University of Vermont researchers Sean Diehl, Ph.D., assistant professor of medicine and a Vaccine Testing Center immunologist, Sam Scarpino, Ph.D., former assistant professor of mathematics and statistics, Donna Rizzo, Ph.D., professor of engineering, and John Hanley, Ph.D., a postdoctoral associate in engineering, have been awarded the inaugural UVM Biomedical Engineering Program Pilot Research Program grant for their project, titled “Integrating omics and clinical data to study dengue infection.”
Botten Leads One of Two Innovative Research Teams Awarded 2017 UVM SPARK-VT Grants
Two University of Vermont research teams have been awarded SPARK-VT grants by the university to help commercialize their work and move it a step closer to the marketplace, following a faculty pitch competition held June 16, 2017.
New Therapy Option for High-Risk Heart Patients with Mitral Valve Disease
Patients whose hearts have a faulty mitral valve and are considered high risk for open-heart surgery now have a treatment option offered by cardiologists at the University of Vermont Medical Center. Called Transcatheter Mitral Valve Repair (TMVR), the procedure uses a catheter inserted through a vein in the leg to reach the heart and make the repair. The mitral valve performs a check-valve function and is located between the left atrium, where blood enters the heart from the lungs, and the left ventricle, which pumps the blood to your entire body.
LaMantia Elected American Geriatrics Society Fellow
Michael LaMantia, M.D., M.P.H., associate professor of medicine and section head of geriatric medicine at the Larner College of Medicine at the University of Vermont, was among 18 leading healthcare professionals honored as elected AGS Fellows at the 2017 American Geriatrics Society (AGS) Annual Scientific Meeting held May 18-20 in San Antonio, Texas.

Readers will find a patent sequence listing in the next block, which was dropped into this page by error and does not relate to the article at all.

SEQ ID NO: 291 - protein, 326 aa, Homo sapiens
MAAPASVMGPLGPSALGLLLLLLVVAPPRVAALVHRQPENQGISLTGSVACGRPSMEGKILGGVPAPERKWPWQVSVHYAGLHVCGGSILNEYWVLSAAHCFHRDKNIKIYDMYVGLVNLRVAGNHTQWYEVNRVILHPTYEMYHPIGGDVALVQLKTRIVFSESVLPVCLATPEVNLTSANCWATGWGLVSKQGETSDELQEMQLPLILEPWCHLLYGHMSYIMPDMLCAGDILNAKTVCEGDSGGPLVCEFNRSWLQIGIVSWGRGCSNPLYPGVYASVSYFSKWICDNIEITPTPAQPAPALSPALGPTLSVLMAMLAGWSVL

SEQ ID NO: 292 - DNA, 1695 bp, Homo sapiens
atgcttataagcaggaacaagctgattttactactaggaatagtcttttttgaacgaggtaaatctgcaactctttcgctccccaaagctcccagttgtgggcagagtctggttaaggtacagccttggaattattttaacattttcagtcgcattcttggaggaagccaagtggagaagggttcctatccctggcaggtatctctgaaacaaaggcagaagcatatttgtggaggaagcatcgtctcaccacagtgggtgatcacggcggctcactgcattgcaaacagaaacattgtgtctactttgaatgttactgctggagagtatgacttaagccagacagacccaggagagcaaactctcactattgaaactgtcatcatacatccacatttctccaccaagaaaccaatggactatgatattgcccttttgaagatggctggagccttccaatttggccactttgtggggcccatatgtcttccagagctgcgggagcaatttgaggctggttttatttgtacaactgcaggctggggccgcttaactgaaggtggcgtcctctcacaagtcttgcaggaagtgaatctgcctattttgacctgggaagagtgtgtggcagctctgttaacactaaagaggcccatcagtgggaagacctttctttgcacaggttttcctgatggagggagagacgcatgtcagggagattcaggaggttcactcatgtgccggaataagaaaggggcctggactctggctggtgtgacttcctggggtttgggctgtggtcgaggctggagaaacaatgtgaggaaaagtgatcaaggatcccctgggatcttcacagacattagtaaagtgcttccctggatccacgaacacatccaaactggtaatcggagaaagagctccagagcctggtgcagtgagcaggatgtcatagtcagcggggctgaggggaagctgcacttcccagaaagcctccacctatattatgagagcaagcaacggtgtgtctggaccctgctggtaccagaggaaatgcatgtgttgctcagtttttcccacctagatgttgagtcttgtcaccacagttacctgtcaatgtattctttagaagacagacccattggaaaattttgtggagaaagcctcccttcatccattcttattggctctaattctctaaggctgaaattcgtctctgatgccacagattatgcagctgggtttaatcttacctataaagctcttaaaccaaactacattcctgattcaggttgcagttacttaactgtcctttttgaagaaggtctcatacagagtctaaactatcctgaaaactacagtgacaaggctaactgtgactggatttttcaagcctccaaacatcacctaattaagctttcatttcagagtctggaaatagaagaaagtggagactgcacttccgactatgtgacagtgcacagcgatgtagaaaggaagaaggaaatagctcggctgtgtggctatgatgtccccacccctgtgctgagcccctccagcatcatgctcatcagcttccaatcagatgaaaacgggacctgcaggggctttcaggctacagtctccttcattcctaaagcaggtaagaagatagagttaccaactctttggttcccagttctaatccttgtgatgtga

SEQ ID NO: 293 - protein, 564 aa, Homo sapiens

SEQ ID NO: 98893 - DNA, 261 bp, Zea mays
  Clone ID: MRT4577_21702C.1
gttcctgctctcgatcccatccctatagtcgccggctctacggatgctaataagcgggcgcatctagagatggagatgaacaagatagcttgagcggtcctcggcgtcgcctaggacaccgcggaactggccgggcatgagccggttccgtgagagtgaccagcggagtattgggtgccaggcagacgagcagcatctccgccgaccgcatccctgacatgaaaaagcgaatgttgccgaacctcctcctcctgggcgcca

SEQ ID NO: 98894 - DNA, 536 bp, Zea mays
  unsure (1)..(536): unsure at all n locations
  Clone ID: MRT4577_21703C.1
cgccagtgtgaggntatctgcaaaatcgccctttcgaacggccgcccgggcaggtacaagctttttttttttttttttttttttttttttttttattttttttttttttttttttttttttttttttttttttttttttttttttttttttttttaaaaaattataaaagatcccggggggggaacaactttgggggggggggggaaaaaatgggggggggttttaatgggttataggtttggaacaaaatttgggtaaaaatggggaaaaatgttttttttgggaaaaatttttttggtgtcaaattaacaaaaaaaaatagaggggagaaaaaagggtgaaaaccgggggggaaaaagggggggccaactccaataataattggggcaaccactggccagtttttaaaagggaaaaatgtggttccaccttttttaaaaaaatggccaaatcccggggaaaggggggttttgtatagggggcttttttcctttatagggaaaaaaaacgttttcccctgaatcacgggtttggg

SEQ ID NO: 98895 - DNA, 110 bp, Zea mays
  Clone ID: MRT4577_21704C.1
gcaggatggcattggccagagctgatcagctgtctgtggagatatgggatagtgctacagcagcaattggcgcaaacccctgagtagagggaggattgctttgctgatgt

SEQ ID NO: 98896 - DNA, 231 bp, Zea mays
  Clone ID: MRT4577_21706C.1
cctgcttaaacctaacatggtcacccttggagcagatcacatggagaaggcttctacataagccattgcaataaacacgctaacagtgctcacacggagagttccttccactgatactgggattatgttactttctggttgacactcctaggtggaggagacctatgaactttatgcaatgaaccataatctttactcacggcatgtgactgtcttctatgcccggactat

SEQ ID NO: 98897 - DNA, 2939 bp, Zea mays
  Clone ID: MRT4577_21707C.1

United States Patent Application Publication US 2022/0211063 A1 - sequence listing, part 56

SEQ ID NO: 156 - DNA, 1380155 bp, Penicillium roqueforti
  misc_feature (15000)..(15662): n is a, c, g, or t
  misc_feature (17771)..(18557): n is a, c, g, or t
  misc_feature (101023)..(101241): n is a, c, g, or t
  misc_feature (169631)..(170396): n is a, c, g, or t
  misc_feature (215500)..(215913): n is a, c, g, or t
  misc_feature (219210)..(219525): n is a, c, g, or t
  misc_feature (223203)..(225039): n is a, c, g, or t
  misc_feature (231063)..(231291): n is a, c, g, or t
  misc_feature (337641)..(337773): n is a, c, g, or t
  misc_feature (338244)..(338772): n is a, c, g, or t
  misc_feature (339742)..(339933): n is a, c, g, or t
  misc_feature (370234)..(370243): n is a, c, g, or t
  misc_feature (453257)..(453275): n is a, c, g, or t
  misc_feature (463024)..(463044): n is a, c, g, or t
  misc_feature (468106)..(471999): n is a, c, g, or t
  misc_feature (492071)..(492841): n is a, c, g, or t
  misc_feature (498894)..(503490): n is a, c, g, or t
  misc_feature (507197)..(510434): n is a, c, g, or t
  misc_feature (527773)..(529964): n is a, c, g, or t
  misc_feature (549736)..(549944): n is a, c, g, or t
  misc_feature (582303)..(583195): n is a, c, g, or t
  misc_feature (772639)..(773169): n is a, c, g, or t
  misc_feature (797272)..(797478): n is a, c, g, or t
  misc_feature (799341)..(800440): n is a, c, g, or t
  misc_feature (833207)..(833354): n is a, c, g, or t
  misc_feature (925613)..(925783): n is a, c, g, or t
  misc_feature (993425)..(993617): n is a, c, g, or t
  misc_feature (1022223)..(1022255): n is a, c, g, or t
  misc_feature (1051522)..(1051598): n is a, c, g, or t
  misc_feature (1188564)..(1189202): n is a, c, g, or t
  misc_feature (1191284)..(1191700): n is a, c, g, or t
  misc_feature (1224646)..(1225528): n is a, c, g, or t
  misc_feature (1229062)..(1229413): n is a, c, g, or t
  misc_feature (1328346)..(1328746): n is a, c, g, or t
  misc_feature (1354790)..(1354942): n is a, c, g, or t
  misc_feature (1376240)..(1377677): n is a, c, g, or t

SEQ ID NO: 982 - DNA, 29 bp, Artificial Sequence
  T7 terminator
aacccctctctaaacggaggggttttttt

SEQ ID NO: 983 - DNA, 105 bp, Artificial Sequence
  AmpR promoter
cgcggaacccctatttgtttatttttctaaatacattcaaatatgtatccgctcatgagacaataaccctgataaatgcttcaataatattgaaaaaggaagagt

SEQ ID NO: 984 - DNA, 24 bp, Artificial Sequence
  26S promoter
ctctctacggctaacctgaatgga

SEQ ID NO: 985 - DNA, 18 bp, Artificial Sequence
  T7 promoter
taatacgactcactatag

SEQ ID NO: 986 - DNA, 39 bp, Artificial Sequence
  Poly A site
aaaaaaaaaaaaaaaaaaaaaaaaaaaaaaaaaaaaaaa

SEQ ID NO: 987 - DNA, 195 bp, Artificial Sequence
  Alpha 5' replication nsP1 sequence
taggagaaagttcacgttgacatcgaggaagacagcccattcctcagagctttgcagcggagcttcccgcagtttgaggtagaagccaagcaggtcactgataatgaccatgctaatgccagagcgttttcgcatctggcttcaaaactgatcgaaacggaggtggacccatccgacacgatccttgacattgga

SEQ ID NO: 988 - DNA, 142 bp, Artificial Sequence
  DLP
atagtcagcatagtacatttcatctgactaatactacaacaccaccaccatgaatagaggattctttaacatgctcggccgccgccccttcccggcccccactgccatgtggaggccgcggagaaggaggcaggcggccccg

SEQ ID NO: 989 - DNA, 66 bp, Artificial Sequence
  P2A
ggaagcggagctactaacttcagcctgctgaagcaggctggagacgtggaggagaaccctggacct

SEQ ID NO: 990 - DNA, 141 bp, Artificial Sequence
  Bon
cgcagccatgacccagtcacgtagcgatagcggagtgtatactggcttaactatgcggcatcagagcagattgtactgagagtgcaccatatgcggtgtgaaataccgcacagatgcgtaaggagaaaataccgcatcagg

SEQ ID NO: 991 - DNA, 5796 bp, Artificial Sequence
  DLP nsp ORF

UVM Stem Cell Conference Travel Scholarship Honors Alpha-1 Founder
The “Stem Cells, Cell Therapies, and Bioengineering in Lung Biology and Diseases” conference at the University of Vermont now offers a new, competitive travel scholarship that honors the legacy of late Alpha-1 Foundation co-founder John W. Walsh, who passed away March 7, 2017.
Budd to Deliver Research Laureate Lecture on Lupus May 9
Larner College of Medicine Research Laureate and University Distinguished Professor of Medicine Ralph Budd, M.D., will present the inaugural Research Laureate Lecture on May 9, 2017 at 4:30 p.m. in the Sullivan Classroom in the Medical Education Center. His talk is titled “The El Greco Lesson: 33 Years of Thinking Lupus.”
Littenberg & Chopan’s Study Finds Association between Eating Hot Peppers and Decreased Mortality
Like spicy food? If so, you might live longer, say researchers at the Larner College of Medicine at the University of Vermont, who found that consumption of hot red chili peppers is associated with a 13 percent reduction in total mortality – primarily in deaths due to heart disease or stroke – in a large prospective study.